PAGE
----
MAOR282-18S2 (C) Semester Two 2018

Kapa Haka - Introducing Maori Performing Arts

15 points
16 Jul 2018 - 18 Nov 2018

Description

Designed for Maori and non-Maori, performance competent and new learners, language and non-language students this course takes the class on a journey of exploration to a high level of performance. Course content includes study of the mythological and traditional origins and customs of performing arts from moteatea (traditional song), poi (ball dance), waiata a-ringa (action song), haka and the art of warfare and mau rakau (weaponry - ti rakau, titi torea, hapai rakau, taiaha, patu). The course also covers the role of male and female leaders, biographies of important composers and the renaissance of kapa haka and its place in Maori culture and society. Students learn a full performance bracket which includes a distinctive Ngai Tahu component as well as a selection of historical and sacred classic tribal anthems.

He tina ki runga, he tāmore ki raro - In order to flourish above, one must be firmly rooted below.  MAOR282 is an introductory course in Māori performing arts that blends knowledge and practice.  If you have ever wanted to know why the All Blacks haka or people sing at Māori events, or if you have ever wanted to be able to confidently haka or lead a waiata, this course is a great place to start.  One of the most enjoyable aspects of this course is that the class prepares as a whole learns an entire kapa haka set, including a haka, waiata-a-ringa (songs with hand movements) and poi.  

MAOR282 will also teach you about significant Māori composers and leaders – those people that shaped the world of Māori performing arts and the role it plays in modern Māori society.  Most of all, this paper gives you a fun and unique opportunity to experience Te Reo Māori in a rich, team based environment.

MAOR282 is a dynamic paper that will suit students looking for a fun entry or seeking to build comfort and confidence to work within Te Ao Māori.  

The All blacks have taken the haka Ka Mate! around the globe. Now performed spontaneously at weddings and welcomes, how much do we know about haka’s like this as a practicality and performance, questions are considered:
• What is Kapa Haka exactly, what is the history, wisdom, and how does it serves the people today and historically?
• What are the aspects encompassing Māori performance and why are they used, what is the place of smiles, weapons, aggression, bulging eyes and extended tongue?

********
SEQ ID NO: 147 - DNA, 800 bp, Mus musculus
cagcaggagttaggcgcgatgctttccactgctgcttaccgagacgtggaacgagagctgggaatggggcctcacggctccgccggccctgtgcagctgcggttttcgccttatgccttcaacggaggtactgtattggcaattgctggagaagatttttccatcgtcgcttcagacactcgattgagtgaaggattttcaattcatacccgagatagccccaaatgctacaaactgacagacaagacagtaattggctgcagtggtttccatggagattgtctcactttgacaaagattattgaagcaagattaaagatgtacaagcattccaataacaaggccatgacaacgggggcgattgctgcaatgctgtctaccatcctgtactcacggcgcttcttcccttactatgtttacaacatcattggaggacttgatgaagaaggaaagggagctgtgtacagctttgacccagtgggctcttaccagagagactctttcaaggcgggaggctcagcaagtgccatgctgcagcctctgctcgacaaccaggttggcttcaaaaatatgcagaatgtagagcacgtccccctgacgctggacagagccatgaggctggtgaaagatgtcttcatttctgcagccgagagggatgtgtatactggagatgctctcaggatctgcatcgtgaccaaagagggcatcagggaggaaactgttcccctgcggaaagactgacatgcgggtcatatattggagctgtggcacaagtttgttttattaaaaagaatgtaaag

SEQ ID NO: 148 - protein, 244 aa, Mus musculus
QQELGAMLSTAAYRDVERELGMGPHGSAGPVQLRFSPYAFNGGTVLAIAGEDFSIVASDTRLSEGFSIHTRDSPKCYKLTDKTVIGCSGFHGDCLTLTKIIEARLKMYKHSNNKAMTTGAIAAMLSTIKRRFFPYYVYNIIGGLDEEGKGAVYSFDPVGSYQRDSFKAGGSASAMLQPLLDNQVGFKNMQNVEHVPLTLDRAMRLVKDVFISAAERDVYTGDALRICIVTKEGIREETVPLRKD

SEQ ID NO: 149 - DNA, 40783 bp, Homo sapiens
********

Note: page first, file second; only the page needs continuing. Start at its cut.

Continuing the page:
• When the All blacks perform a haka, how should other teams respond, are they right to be offended at times?
• Knowing a history of a performed piece, the intention and story it tells, is it ok for haka to be performed by American football teams? What does a flawed performance mean for Māori?

Themes raised in this course are
• The act of putting shyness aside with warmth support in becoming a Kapa
• Qualities of Māori performance, ihi, wihi, wana
• Cultural Appropriation and ownership
• Expressing indigenous knowledge though Performance
• Haka, Poi, Waiata, Moteatea, Kanikani

Course Goals
• Understand the exploding world of Māori performance and the meanings and structure of common aspects.
• Greater comfort in things Māori leading to better relationships with Māori
• Experience the strength and exhilaration emanating from performing Kapa haka
• Gain an informed opinion about cultural appropriation of things Māori

Learning Outcomes

Learning Outcomes
Students will

  • Understand the different performances that make up kapa haka
  • Understand the meaning behind different kapa haka performances
  • Be introduced to the long history of Kapa haka performance
  • Connect with the lessons through basic performance as a group


    Why this Paper?
    Māori culture is integral in New Zealand and therefore papers that explore the depth of knowledge in Māori apply to numerous pathways
  • All government agencies
  • Community roles especially in Māori and Iwi sectors
  • Professional social services
  • Health sector roles
  • Kaupapa Māori Research
  • Police
  • Teaching
  • Journalism
  • Law
  • Translation
  • Sales and marketing
  • Media
  • Leadership and Management

    Transferrable Skills
    This course contributes to the development of the following transferable skills:
  • Analytic
  • Listening
  • Communication
  • Performing
  • Increased confidence
  • Cultural awareness
  • Leadership
  • Team work
    • University Graduate Attributes

      This course will provide students with an opportunity to develop the Graduate Attributes specified below:

      Critically competent in a core academic discipline of their award

      Students know and can critically evaluate and, where applicable, apply this knowledge to topics/issues within their majoring subject.

Pre-requisites

Any 15 points in 100 level course in MAOR or TREO, or 30 points in 100 level courses in Arts, Education, Fine Arts, Music and Social Work, or by permission of the Head of School.

Restrictions

TREO282, MAOR265, MAOR382, TREO382, MUSA252

Equivalent Courses

Timetable 2018

Students must attend one activity from each section.

Lecture A
Activity Day Time Location Weeks
01 Wednesday 11:00 - 13:00 Te Ao Marama 253 16 Jul - 26 Aug
10 Sep - 21 Oct
Lecture B
Activity Day Time Location Weeks
01 Friday 12:00 - 13:00 Te Ao Marama 253 16 Jul - 26 Aug
10 Sep - 21 Oct

Lecturer

Komene Kururangi

Indicative Fees

Domestic fee $746.00

International fee $3,038.00

* Fees include New Zealand GST and do not include any programme level discount or additional course related expenses.

For further information see Aotahi School of Maori and Indigenous Studies.

All MAOR282 Occurrences

  • MAOR282-18S2 (C) Semester Two 2018